Above: Chris Keeley presents Kim Reed with the 2016 Coastal Adaptation Workgroup Climate Champion Award.
Almost every summit presenter stressed the importance of flexibility and the incorporation of climate change predictions in planning decisions that affect infrastructure, natural resources and human safety. Kim Reed, the planning and zoning administrator for the town of Rye, is working to help the community get into the FEMA Community Rating System (CRS). The CRS rewards communities that go above and beyond the minimum floodplain requirements for participation in FEMA’s National Flood Insurance Program by helping to reduce their home flood insurance rates. Town efforts can include increasing freeboard requirements on homes or keeping open space free of development; these efforts are critical for increasing community resilience. Reed was the recipient of the 2016 Coastal Adaptation Workgroup’s Climate Champion Award for her work in this area, which was announced at the summit.
Above: Erik Chapman speaks about fisheries and climate change at the summit.
The N.H. commercial fishing industry is facing enormous challenges right now due to a variety of factors. Many fish species are shifting their geographic distribution toward the poles, so it’s possible that in 20 years, N.H. fishermen may be catching species that are normally found along the southern U.S. coast, said Erik Chapman, N.H. Sea Grant/UNH Cooperative Extension commercial fisheries specialist. Many fish stocks are vulnerable to the combination of fishing pressure and climate change, and ocean acidification is adding to the challenges. Chapman said fishermen will need to diversify their catch and adapt in order to stay in business.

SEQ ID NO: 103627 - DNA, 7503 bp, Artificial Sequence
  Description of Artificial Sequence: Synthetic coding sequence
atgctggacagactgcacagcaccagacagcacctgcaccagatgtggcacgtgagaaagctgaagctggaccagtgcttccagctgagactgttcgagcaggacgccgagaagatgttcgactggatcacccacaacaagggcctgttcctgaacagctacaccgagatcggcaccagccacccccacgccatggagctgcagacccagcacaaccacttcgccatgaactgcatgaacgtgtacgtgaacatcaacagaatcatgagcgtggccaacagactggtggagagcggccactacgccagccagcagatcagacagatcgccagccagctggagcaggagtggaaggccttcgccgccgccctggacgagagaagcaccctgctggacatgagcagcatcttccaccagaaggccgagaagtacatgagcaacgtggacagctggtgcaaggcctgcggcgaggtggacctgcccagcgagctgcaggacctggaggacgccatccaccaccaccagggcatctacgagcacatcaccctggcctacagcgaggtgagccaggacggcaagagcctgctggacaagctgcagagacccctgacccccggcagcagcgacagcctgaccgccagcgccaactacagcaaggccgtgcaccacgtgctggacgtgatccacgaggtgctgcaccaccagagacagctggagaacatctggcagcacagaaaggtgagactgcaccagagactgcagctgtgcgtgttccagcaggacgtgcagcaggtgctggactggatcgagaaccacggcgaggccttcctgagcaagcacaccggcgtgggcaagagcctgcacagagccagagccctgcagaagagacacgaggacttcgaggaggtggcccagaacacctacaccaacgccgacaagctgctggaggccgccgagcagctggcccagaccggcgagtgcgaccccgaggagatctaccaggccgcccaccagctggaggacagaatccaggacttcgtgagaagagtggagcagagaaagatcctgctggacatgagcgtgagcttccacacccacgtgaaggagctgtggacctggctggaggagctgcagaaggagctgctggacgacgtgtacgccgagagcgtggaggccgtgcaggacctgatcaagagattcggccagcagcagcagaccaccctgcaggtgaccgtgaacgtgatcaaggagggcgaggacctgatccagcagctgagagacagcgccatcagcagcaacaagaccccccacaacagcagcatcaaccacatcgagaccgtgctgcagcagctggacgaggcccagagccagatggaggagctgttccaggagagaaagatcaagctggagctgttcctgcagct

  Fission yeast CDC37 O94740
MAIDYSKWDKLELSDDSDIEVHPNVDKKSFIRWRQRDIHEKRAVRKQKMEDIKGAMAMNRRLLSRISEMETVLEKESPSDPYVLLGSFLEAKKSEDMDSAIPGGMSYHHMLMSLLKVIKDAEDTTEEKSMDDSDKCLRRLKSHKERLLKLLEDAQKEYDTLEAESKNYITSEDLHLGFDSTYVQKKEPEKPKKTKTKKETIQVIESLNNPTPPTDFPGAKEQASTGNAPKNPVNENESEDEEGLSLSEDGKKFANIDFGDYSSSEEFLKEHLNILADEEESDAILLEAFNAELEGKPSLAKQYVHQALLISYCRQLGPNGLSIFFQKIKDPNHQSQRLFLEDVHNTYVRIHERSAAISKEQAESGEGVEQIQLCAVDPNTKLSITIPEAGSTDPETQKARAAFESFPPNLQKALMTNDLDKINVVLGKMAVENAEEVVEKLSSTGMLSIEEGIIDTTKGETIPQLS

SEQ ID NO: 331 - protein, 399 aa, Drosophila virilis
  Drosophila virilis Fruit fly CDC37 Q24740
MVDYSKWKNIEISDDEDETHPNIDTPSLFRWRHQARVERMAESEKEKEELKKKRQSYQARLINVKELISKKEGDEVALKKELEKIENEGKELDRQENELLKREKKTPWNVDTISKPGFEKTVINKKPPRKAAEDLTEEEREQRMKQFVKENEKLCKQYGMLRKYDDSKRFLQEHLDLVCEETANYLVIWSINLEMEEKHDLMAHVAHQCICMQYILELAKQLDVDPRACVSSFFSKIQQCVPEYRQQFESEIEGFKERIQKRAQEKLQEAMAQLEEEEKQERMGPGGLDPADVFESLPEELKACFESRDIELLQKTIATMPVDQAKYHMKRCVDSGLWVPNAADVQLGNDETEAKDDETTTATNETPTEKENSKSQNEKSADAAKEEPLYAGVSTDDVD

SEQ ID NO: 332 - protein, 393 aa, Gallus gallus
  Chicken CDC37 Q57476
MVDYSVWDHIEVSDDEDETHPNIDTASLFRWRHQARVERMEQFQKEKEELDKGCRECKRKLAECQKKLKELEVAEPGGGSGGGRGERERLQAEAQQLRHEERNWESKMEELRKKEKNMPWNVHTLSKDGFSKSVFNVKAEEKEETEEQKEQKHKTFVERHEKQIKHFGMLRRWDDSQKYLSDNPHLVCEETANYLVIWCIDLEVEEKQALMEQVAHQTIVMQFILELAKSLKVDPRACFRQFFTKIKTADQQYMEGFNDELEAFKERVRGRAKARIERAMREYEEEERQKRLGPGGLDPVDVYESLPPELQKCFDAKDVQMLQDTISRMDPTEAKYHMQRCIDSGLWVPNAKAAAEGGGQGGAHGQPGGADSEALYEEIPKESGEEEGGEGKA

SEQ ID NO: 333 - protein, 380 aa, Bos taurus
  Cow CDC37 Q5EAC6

Relating to business, climate change and shifting weather patterns negatively affect commerce, explained Roger Stephenson from Stephenson Strategic Communications. Business owners in N.H. want to be at the table to discuss methods of adaptation to ensure that they can remain resilient and survive disruptive weather events.
“Local is where the magic happens,” Stephenson said.
The City of Dover is working on waterfront development plans that incorporate sea-level rise projections, according to Steve Bird, Dover city planner. The city owns a parcel of land with 1,900 ft. of Cochecho River shoreline that is slated for development, and consultants have worked with Bird and others to design a plan that incorporates a variety of shoreline treatments including granite block steps and natural green space that allow for public access.
Many of the efforts discussed at the N.H. Climate Summit are driven by citizens using science for practical purposes in their communities. Being thoughtful about community efforts and incorporating climate change projections into planning are critical components of a resilient state.
N.H. Sea Grant promotes the wise use, conservation and sustainable development of marine and coastal resources in the state, the region and beyond. Located at the University of New Hampshire, NHSG is part of a national network of programs located in our coastal and Great Lakes states as well as in Puerto Rico and Guam.